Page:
Wednesday, May 7, 2014

Russia seems to want to crack down on amateur blogging

Russia has gone from focusing on gay “propaganda” to all “propaganda” as Neil MscFarquhar reports in the New York Times, “Russia quietly tightens reins on Web with new ‘Bloggers Law’”, link here,  on the front page in print Wednesday.

The law would maintain that any website with more than 3000 visitors a day must be held responsible for the accuracy of what it publishes.  But in the US,  civil liability for libel can exist with just one visitor, so the idea sounds superfluous.

I may have achieved that volume (among all my sites) a few times, but not often.

Putin also noted that someone who writes online has the power to affect the lives of thousands or hundreds of thousands of people, with no gatekeeper holding him accountable.  I guess I’ve made that point myself before, but it’s more the idea that someone doesn’t go away, so some ideas that may be difficult (especially for politicians) remain in play.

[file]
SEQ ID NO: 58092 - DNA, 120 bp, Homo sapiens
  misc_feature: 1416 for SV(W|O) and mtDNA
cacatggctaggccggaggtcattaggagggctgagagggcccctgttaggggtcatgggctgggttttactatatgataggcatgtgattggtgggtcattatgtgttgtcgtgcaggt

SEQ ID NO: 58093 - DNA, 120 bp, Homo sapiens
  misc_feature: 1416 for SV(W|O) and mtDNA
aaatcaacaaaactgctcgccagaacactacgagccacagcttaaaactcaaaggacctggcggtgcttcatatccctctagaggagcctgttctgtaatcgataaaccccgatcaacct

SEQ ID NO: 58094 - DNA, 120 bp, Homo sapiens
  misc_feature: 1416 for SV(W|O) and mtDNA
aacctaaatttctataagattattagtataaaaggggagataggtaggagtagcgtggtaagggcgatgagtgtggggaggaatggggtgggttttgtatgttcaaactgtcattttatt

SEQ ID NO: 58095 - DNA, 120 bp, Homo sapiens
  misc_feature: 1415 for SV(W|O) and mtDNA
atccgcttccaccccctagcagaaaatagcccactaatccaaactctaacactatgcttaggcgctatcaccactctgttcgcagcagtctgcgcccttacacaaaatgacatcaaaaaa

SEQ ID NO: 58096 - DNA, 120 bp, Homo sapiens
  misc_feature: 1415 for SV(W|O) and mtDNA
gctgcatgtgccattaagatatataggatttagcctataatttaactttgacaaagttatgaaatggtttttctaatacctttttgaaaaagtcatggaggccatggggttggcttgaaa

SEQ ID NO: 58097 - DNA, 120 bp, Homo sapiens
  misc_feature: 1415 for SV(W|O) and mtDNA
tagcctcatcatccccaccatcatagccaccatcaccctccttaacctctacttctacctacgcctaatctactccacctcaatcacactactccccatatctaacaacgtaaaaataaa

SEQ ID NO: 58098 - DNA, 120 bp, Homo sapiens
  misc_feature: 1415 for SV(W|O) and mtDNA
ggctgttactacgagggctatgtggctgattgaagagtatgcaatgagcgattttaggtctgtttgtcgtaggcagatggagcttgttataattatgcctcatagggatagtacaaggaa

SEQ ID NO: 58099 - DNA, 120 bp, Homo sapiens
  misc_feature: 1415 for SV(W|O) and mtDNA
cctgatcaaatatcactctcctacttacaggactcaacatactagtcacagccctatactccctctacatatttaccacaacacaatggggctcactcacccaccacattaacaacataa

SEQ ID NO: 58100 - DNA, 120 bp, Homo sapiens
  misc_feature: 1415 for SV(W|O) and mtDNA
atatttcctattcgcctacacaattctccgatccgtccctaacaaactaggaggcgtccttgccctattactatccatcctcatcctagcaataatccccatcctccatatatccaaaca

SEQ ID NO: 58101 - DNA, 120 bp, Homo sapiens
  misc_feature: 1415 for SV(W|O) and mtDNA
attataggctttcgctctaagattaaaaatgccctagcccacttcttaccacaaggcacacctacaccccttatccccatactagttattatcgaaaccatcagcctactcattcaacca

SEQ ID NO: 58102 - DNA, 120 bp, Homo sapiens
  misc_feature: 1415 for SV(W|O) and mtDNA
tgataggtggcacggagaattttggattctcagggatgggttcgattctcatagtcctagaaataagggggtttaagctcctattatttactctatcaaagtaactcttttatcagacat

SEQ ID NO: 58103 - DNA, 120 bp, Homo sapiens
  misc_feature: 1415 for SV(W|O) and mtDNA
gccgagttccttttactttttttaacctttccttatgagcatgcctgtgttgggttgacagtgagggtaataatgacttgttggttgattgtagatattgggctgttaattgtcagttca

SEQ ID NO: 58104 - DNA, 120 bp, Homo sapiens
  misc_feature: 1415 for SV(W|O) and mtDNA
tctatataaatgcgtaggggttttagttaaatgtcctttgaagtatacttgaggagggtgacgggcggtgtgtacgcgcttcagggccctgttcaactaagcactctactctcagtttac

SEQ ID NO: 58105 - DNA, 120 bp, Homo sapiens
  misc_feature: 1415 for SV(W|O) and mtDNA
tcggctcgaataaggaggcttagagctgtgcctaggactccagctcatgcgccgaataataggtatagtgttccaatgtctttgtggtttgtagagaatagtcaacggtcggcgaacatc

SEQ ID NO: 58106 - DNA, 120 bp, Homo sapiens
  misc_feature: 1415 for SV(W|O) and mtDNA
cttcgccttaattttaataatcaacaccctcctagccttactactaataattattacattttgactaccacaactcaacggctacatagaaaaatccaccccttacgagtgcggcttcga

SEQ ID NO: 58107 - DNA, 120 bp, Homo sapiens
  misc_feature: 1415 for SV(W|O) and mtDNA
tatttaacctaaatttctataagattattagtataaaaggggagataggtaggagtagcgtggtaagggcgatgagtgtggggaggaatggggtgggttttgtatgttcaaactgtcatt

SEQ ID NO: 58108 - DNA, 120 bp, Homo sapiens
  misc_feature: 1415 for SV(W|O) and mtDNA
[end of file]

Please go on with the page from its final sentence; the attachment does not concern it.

Russia had passed another law Feb. 1 allowing the government to remove or block sites with politically provocative content.

As for Uganda, there is a law now requiring a gathering of more than three people to get a license to discuss politics! So the anti-gay laws are definitely a proxy for something much bigger.  

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